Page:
Want to Protect Public Health? Get Money From Politics. • Protecting the Health of Children

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Late last month, the Senate failed to pass “For the Work of Mankind”- a bill designed to protect voting rights and preserve our democracy.

The bill also contains campaign finance reform guidelines that have significant public health implications. Now those rules are in desperate need of a champion, as well as strong public health advocates.

Public health may not be the first thing a fellow anti-corruption legislation, however, requires disclosure of dark money donors, matching funds for small-dollar donations, and empowering the Federal Election Commission to enforce campaign finance rules that rein in corporate interests that pollute our air, water and bodies with harmful chemicals.

we argue limitations of money in politics clear a channel for science to inform public health decision -making.

Damage from exposure to chemicals as a result of commercial activity is a silent crisis. For example, scientists and regulators are battling with widespread contamination of personal and polyfluoroalkyl substances (PFAS). This group of more than 9,000 chemicals, everything from carpets to cosmetics, Which is contaminated more than 200 million already people drinking water in the US

A study of 69,000 people infected with PFAS in drinking water from a DuPont facility in Parkersburg, West Virginia, found significant partners in developmental, hormonal, and immune effects, as well as cancers.

New studies show PFAS exposure worsens COVID-19 results. Although the ones that cause great damage from PFAS already know for at least 20 years, these chemicals have still not been systematically controlled. Taken together, the largest PFAS maker in the U.S. has spent $ 61 million in political spending between 2019 and 2020.

This is not just a problem in the US. The Global Burden of Disease estimates that in fact a third of the disease is attributed to behavioral risk due to commercial interests, such as chemicals, fOOD and tobacco industries. Environmental and occupational hazard factors, also driven by commercial interests, account for another 13% of the world’s disease. The influence from these interests is aptly called the commercial health professionals, Which poses disease risks to individual and population health.

public health scientists and communities with chemical contamination are tired of watching over and over again causing great damage from short-sighted decisions. Often human diseases from toxic chemical exposure can be prevented with better policies and regulations. This is not for lack of testing. As public health researchers, we communicate our science to activists, consumers, communities, institutions and policy makers to inform decisions.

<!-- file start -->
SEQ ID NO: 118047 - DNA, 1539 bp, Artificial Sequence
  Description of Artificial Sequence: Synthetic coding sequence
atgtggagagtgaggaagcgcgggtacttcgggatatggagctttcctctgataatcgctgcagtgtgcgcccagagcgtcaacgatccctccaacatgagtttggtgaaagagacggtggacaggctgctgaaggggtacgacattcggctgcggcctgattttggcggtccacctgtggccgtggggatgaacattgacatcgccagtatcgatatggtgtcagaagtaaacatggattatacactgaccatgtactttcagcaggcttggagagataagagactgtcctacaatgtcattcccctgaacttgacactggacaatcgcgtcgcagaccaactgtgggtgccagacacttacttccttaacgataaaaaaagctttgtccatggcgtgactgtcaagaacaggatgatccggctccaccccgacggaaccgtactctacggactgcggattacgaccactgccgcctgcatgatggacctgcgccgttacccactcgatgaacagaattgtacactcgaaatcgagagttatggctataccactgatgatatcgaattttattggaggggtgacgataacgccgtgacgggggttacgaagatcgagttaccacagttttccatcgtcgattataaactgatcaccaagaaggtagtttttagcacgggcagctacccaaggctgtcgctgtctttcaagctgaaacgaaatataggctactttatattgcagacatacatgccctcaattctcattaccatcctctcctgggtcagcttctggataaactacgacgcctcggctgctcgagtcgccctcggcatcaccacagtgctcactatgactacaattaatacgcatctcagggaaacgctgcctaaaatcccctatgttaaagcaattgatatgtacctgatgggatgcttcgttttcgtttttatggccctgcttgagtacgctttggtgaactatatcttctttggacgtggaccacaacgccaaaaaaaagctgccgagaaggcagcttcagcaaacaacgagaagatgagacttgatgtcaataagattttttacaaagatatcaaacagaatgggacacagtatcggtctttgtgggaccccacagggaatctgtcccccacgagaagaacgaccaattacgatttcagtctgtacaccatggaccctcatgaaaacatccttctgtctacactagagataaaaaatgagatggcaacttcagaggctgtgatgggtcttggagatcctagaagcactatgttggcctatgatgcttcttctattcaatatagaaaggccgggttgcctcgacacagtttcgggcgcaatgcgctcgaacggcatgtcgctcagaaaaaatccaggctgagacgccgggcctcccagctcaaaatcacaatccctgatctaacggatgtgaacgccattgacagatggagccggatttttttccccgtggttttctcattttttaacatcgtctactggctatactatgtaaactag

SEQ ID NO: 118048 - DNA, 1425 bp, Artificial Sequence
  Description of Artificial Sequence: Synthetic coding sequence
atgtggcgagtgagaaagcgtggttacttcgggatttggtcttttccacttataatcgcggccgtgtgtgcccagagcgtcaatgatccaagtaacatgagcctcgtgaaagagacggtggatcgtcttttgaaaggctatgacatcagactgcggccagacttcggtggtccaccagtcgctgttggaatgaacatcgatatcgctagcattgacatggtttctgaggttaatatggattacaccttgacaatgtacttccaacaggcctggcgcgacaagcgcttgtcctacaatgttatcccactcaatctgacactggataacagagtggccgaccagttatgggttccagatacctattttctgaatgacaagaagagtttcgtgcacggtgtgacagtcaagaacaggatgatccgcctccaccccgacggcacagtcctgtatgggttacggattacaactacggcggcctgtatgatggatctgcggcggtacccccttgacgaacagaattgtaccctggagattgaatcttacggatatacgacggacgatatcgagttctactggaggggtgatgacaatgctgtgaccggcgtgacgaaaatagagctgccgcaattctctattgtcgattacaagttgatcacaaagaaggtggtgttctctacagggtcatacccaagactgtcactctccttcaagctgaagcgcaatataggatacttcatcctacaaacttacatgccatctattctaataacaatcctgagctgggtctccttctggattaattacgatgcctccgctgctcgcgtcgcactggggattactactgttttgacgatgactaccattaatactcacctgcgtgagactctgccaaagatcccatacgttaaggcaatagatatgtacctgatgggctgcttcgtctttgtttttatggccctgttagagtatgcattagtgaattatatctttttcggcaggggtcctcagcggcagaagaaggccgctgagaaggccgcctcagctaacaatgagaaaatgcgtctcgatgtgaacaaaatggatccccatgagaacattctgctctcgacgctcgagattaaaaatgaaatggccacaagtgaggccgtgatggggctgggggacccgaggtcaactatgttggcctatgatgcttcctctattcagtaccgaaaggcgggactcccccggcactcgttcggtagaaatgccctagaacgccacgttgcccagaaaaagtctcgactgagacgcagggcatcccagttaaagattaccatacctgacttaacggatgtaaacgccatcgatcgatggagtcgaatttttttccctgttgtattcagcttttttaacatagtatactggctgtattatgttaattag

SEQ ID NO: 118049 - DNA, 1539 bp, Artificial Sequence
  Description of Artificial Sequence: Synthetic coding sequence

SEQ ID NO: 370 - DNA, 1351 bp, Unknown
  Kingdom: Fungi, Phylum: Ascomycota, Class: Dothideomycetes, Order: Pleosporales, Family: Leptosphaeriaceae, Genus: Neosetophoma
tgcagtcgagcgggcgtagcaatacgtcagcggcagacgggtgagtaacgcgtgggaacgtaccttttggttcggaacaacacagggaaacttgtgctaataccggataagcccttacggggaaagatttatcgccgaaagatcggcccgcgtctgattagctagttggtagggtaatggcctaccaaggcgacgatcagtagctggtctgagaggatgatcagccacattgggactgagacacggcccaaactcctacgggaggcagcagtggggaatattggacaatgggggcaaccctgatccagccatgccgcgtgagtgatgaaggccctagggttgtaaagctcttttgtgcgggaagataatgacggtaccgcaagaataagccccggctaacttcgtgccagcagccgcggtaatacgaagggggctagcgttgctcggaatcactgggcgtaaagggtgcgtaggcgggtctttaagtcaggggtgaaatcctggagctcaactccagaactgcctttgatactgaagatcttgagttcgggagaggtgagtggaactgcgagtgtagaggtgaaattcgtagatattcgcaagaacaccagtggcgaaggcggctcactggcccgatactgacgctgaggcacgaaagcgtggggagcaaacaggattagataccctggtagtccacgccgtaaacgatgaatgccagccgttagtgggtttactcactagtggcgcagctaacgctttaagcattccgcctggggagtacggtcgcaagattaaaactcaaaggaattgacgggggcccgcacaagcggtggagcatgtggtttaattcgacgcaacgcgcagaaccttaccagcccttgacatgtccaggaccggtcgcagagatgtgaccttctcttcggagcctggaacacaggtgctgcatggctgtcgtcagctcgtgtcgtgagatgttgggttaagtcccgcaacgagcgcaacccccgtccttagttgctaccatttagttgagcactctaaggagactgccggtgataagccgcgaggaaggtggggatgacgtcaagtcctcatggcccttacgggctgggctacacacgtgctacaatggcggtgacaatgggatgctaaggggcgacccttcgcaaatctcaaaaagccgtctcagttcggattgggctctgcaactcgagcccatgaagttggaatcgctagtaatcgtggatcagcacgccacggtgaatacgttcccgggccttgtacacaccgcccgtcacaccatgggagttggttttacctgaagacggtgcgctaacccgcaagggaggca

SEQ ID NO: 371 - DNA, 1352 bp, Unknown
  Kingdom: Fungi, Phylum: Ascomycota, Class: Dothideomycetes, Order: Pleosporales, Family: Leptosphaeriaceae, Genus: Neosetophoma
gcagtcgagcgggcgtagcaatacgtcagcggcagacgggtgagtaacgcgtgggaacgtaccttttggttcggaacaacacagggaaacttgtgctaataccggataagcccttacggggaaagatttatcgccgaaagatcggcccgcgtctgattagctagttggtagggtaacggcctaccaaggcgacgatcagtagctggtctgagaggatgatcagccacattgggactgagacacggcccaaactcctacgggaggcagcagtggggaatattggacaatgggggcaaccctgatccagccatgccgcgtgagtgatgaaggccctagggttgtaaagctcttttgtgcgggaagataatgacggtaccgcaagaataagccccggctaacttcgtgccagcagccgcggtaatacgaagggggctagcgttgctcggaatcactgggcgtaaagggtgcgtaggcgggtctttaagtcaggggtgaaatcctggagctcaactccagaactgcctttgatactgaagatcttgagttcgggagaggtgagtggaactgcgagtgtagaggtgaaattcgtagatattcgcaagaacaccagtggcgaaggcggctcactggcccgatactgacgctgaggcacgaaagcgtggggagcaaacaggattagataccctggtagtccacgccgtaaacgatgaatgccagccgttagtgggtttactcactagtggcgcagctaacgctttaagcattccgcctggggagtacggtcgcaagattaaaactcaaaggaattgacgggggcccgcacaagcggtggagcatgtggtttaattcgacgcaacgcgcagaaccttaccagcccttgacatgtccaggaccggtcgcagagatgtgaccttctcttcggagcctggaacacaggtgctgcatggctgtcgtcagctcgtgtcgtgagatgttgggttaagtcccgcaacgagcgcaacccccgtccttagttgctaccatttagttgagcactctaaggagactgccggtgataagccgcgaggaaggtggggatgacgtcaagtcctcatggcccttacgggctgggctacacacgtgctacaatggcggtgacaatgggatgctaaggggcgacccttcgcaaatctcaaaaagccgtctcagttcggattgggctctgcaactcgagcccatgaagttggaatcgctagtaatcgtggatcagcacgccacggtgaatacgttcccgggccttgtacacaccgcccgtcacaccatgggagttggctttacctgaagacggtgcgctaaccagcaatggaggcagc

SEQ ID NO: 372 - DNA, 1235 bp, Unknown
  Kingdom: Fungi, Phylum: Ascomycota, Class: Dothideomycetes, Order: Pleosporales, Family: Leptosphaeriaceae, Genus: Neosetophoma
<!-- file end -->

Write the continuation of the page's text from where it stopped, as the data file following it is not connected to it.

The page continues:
This includes fighting the gravity generated by the widespread amount of corporate money centered on shareholder returns. If we care about creating a healthy society, we recognize that it is time to change the rules of the game.

Corporate money is affected by chemical regulations

Current history shows how monetary interests have affected U.S. chemical regulations The Toxic Substances Control Act was originally written to be a comprehensive management scheme for all commercial chemicals. However, the influence of chemical manufacturers weary the law passed in 1976, which exempted all existing chemicals from regulation and required proof of damage before the Environmental Protection Agency could act.

Updating 2016 research to correct vulnerabilities has also plagued the chemical industry, giving nearly $ 3 million to lawmakers in the four years leading up to the bill’s passage, according to Open Secrets .

Political money is a complex web of advertising, PR, lobbyists, campaign spending and infinitely dark money, damaging the two major political parties. This is the gateway issue to many urgent public health challenges. Responding to large amounts of corporate money and power (on a regular basis aligned with anti-Black and white superior ideology) shaping our laws to improve public health outcomes, access to healthcare, public education, gun control, close private prisons and address change in climate.

Even if the “For the People Act” passed with vigorous campaign finance reforms, other corporate measures that threatened public health needs were targeted. Corporate money influences research agendas in universities, including how research is designed and conducted and whether it gets published.

Industry-funded research on tobacco health research studies, pharmaceuticals, chemicals, food, and alcohol have consistently been found to exploit corporate interests a (successful) playbook to manipulate research in accordance with them. Political spending limits will open the door to address these biases in the future. To quote former Supreme Court Justice Louis Brandeis: “Sunlight is said to be the best of disinfectants.”

As public health researchers, we will discuss our findings and refute manipulated science generated by industry-funded research. we must also be in violation of an ongoing pattern of studying people ill with commercial interests. To avoid these causing great harm, we need to limit the influence of the industry on elected representatives. Laws and regulations should protect people’s health rather than products.

Originally published on Environmental Health News.

The views and opinions expressed in this article are those of the authors and do not necessarily reflect the views of Children’s Health Defense.

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